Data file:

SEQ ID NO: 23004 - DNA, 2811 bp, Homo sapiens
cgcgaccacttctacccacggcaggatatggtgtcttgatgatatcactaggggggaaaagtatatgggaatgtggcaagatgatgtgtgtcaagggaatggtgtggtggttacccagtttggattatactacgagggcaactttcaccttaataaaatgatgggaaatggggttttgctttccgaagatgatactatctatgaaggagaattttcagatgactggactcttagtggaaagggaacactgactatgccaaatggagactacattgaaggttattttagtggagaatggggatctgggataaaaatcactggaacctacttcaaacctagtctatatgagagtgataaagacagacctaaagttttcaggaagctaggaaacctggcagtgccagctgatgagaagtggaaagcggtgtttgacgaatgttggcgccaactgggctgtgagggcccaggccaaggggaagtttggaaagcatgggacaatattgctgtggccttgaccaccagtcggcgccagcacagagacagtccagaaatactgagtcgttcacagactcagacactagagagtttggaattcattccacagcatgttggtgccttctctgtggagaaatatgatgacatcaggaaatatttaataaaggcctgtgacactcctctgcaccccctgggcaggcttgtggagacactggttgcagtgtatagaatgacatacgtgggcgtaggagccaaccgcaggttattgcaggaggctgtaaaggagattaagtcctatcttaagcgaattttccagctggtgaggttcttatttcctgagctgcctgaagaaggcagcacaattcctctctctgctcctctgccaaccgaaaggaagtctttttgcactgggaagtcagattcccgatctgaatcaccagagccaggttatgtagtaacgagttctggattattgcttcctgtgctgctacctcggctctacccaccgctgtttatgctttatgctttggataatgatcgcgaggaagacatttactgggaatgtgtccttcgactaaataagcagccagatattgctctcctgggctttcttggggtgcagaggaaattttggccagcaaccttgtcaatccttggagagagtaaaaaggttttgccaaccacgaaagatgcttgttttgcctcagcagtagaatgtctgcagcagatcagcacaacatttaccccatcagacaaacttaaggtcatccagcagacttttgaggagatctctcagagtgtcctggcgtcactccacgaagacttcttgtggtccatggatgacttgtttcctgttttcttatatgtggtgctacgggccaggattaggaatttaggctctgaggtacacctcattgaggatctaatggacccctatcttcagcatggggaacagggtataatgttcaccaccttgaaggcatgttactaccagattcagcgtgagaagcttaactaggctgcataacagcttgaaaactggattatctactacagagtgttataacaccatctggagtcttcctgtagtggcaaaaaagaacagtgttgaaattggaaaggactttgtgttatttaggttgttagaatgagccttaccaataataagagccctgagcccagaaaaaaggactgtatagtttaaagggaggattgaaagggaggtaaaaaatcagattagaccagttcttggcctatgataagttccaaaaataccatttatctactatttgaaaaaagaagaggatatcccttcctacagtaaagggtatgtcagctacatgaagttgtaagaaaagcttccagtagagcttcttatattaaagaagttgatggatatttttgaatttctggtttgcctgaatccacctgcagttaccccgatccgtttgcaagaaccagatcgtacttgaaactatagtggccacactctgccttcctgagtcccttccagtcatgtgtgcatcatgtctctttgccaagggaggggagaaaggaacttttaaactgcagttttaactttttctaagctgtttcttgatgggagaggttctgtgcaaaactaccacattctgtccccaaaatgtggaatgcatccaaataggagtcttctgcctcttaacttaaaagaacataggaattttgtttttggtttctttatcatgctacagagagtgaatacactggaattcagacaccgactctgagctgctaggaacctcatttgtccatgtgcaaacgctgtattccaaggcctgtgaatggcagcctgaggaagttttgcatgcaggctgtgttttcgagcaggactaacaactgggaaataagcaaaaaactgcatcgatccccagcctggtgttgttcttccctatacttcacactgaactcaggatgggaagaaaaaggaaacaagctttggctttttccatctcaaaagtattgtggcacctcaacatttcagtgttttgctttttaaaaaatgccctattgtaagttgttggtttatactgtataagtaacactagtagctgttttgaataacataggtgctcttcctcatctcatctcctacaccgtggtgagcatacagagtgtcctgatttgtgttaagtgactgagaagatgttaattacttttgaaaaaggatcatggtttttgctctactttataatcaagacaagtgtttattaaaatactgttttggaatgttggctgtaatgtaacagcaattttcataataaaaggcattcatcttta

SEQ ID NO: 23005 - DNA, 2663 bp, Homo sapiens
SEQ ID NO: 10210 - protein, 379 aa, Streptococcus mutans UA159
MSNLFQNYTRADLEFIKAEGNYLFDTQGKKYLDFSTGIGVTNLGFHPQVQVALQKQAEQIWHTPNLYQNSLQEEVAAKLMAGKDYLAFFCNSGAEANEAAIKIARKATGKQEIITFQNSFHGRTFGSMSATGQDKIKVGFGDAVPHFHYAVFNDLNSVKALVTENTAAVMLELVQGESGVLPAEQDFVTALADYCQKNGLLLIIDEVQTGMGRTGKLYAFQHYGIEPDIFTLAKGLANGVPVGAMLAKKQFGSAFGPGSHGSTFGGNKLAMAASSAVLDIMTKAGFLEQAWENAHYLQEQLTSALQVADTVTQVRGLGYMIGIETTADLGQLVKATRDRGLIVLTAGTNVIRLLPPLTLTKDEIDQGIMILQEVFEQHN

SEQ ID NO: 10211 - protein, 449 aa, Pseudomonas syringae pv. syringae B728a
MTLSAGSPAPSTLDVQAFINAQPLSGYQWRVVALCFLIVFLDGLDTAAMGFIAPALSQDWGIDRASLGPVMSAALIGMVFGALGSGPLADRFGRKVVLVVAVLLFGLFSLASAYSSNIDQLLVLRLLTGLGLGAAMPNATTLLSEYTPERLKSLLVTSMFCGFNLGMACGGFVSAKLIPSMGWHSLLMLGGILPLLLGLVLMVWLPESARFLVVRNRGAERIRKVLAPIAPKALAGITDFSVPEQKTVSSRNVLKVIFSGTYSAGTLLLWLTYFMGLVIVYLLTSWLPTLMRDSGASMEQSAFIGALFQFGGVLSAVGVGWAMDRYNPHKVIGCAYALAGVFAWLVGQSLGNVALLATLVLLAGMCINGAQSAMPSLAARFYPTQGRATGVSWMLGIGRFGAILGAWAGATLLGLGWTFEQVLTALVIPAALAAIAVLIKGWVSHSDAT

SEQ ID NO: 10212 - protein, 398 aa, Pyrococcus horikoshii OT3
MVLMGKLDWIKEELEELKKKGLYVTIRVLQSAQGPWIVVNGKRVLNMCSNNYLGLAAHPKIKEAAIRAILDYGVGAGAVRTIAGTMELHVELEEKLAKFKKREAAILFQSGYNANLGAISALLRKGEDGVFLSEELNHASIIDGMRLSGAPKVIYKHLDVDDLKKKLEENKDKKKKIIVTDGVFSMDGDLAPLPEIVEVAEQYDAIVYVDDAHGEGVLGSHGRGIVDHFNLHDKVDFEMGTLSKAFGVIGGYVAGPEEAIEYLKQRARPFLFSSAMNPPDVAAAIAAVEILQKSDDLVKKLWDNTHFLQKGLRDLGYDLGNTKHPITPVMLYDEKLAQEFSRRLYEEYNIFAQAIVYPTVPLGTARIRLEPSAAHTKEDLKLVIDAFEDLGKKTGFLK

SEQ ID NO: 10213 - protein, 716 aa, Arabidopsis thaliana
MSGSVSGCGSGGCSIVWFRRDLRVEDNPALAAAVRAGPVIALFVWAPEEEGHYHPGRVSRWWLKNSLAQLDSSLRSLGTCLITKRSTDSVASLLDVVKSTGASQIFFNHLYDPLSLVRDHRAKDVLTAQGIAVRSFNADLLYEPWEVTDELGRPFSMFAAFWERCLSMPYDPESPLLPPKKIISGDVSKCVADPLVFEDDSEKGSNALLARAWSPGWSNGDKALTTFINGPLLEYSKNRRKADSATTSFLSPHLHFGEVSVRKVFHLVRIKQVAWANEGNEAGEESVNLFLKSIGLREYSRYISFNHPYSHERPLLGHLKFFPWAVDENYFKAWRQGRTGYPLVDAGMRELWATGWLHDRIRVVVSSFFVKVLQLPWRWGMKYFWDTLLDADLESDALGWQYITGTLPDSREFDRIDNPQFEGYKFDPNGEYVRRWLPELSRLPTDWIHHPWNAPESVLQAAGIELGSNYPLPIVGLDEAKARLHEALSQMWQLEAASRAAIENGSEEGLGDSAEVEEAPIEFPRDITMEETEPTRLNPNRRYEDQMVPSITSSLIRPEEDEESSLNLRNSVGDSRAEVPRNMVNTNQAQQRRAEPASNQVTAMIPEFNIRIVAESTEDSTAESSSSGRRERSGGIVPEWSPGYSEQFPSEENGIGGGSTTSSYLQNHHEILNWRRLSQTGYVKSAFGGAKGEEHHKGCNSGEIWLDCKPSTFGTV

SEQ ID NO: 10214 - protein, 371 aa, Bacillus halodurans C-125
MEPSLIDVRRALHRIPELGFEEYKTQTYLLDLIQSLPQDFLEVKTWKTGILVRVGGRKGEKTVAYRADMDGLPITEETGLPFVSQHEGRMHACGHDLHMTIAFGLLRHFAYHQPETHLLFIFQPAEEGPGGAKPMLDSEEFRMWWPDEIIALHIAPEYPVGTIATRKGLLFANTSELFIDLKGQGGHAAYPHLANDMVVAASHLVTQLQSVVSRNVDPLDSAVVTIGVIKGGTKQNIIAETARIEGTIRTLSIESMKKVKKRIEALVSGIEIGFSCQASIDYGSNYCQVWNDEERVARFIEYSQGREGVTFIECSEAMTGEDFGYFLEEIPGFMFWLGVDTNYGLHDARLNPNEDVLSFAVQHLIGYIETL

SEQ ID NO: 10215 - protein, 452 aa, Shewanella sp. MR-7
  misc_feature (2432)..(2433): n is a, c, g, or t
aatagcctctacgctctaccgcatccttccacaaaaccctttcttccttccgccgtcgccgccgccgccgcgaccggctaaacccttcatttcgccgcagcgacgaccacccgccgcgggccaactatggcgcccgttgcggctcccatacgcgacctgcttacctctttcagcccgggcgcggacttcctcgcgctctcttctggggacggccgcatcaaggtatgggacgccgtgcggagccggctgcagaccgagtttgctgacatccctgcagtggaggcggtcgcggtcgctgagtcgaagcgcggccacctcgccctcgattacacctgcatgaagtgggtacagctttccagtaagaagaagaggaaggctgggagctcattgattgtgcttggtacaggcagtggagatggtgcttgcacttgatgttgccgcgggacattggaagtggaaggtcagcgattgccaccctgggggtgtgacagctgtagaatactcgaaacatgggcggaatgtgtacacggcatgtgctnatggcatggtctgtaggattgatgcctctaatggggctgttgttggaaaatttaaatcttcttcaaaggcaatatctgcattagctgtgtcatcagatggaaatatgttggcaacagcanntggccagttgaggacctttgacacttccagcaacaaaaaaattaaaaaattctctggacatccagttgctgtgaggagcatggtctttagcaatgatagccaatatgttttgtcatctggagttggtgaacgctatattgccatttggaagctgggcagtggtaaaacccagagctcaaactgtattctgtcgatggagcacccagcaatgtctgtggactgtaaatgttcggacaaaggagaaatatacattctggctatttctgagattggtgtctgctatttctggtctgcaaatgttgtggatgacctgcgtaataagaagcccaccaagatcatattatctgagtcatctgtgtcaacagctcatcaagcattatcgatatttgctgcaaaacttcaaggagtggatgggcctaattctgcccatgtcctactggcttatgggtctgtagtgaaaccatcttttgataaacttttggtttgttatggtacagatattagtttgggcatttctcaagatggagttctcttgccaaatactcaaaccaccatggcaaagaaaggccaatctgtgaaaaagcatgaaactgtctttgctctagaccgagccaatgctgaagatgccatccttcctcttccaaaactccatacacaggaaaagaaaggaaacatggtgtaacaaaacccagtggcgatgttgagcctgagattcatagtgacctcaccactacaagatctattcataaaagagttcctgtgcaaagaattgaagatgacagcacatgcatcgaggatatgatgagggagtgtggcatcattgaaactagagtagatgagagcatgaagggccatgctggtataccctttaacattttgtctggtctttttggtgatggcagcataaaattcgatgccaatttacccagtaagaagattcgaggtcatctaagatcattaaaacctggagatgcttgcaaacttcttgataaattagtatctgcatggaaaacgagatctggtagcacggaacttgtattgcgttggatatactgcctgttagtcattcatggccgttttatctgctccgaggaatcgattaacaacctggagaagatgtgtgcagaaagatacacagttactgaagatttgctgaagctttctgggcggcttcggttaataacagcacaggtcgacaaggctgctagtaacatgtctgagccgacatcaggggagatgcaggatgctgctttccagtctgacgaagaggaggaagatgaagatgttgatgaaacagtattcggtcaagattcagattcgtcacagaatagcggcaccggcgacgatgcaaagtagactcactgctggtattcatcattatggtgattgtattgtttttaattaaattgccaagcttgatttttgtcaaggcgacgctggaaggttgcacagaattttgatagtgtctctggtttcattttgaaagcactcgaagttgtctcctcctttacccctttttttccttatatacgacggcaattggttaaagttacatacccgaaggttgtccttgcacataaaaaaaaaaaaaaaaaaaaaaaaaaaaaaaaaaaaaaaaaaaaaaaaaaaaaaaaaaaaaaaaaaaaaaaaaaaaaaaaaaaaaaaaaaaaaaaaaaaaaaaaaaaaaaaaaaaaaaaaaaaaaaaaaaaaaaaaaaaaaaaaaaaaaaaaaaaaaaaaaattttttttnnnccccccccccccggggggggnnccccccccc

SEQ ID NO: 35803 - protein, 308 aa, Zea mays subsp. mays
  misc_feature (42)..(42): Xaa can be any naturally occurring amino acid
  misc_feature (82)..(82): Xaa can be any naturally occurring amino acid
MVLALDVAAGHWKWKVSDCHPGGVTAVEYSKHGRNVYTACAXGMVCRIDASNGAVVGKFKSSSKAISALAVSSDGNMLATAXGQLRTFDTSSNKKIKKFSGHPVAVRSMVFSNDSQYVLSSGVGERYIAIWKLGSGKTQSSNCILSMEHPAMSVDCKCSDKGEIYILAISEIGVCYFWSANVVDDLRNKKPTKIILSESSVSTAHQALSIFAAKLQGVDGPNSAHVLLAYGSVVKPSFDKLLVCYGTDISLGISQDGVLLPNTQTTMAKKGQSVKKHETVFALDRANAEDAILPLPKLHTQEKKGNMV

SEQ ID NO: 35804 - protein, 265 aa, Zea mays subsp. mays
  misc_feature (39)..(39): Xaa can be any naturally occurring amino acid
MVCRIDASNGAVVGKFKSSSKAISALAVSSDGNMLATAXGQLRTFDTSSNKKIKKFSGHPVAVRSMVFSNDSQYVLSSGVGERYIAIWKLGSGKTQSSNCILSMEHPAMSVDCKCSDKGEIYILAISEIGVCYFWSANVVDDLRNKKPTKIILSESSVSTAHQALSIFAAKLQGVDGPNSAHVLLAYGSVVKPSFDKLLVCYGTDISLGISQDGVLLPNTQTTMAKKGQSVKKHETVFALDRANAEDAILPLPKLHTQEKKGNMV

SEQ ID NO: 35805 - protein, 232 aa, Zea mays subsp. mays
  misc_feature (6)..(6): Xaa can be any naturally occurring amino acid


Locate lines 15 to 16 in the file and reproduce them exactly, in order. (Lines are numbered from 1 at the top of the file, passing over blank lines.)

  misc_feature (2432)..(2433): n is a, c, g, or t
aatagcctctacgctctaccgcatccttccacaaaaccctttcttccttccgccgtcgccgccgccgccgcgaccggctaaacccttcatttcgccgcagcgacgaccacccgccgcgggccaactatggcgcccgttgcggctcccatacgcgacctgcttacctctttcagcccgggcgcggacttcctcgcgctctcttctggggacggccgcatcaaggtatgggacgccgtgcggagccggctgcagaccgagtttgctgacatccctgcagtggaggcggtcgcggtcgctgagtcgaagcgcggccacctcgccctcgattacacctgcatgaagtgggtacagctttccagtaagaagaagaggaaggctgggagctcattgattgtgcttggtacaggcagtggagatggtgcttgcacttgatgttgccgcgggacattggaagtggaaggtcagcgattgccaccctgggggtgtgacagctgtagaatactcgaaacatgggcggaatgtgtacacggcatgtgctnatggcatggtctgtaggattgatgcctctaatggggctgttgttggaaaatttaaatcttcttcaaaggcaatatctgcattagctgtgtcatcagatggaaatatgttggcaacagcanntggccagttgaggacctttgacacttccagcaacaaaaaaattaaaaaattctctggacatccagttgctgtgaggagcatggtctttagcaatgatagccaatatgttttgtcatctggagttggtgaacgctatattgccatttggaagctgggcagtggtaaaacccagagctcaaactgtattctgtcgatggagcacccagcaatgtctgtggactgtaaatgttcggacaaaggagaaatatacattctggctatttctgagattggtgtctgctatttctggtctgcaaatgttgtggatgacctgcgtaataagaagcccaccaagatcatattatctgagtcatctgtgtcaacagctcatcaagcattatcgatatttgctgcaaaacttcaaggagtggatgggcctaattctgcccatgtcctactggcttatgggtctgtagtgaaaccatcttttgataaacttttggtttgttatggtacagatattagtttgggcatttctcaagatggagttctcttgccaaatactcaaaccaccatggcaaagaaaggccaatctgtgaaaaagcatgaaactgtctttgctctagaccgagccaatgctgaagatgccatccttcctcttccaaaactccatacacaggaaaagaaaggaaacatggtgtaacaaaacccagtggcgatgttgagcctgagattcatagtgacctcaccactacaagatctattcataaaagagttcctgtgcaaagaattgaagatgacagcacatgcatcgaggatatgatgagggagtgtggcatcattgaaactagagtagatgagagcatgaagggccatgctggtataccctttaacattttgtctggtctttttggtgatggcagcataaaattcgatgccaatttacccagtaagaagattcgaggtcatctaagatcattaaaacctggagatgcttgcaaacttcttgataaattagtatctgcatggaaaacgagatctggtagcacggaacttgtattgcgttggatatactgcctgttagtcattcatggccgttttatctgctccgaggaatcgattaacaacctggagaagatgtgtgcagaaagatacacagttactgaagatttgctgaagctttctgggcggcttcggttaataacagcacaggtcgacaaggctgctagtaacatgtctgagccgacatcaggggagatgcaggatgctgctttccagtctgacgaagaggaggaagatgaagatgttgatgaaacagtattcggtcaagattcagattcgtcacagaatagcggcaccggcgacgatgcaaagtagactcactgctggtattcatcattatggtgattgtattgtttttaattaaattgccaagcttgatttttgtcaaggcgacgctggaaggttgcacagaattttgatagtgtctctggtttcattttgaaagcactcgaagttgtctcctcctttacccctttttttccttatatacgacggcaattggttaaagttacatacccgaaggttgtccttgcacataaaaaaaaaaaaaaaaaaaaaaaaaaaaaaaaaaaaaaaaaaaaaaaaaaaaaaaaaaaaaaaaaaaaaaaaaaaaaaaaaaaaaaaaaaaaaaaaaaaaaaaaaaaaaaaaaaaaaaaaaaaaaaaaaaaaaaaaaaaaaaaaaaaaaaaaaaaaaaaaaattttttttnnnccccccccccccggggggggnnccccccccc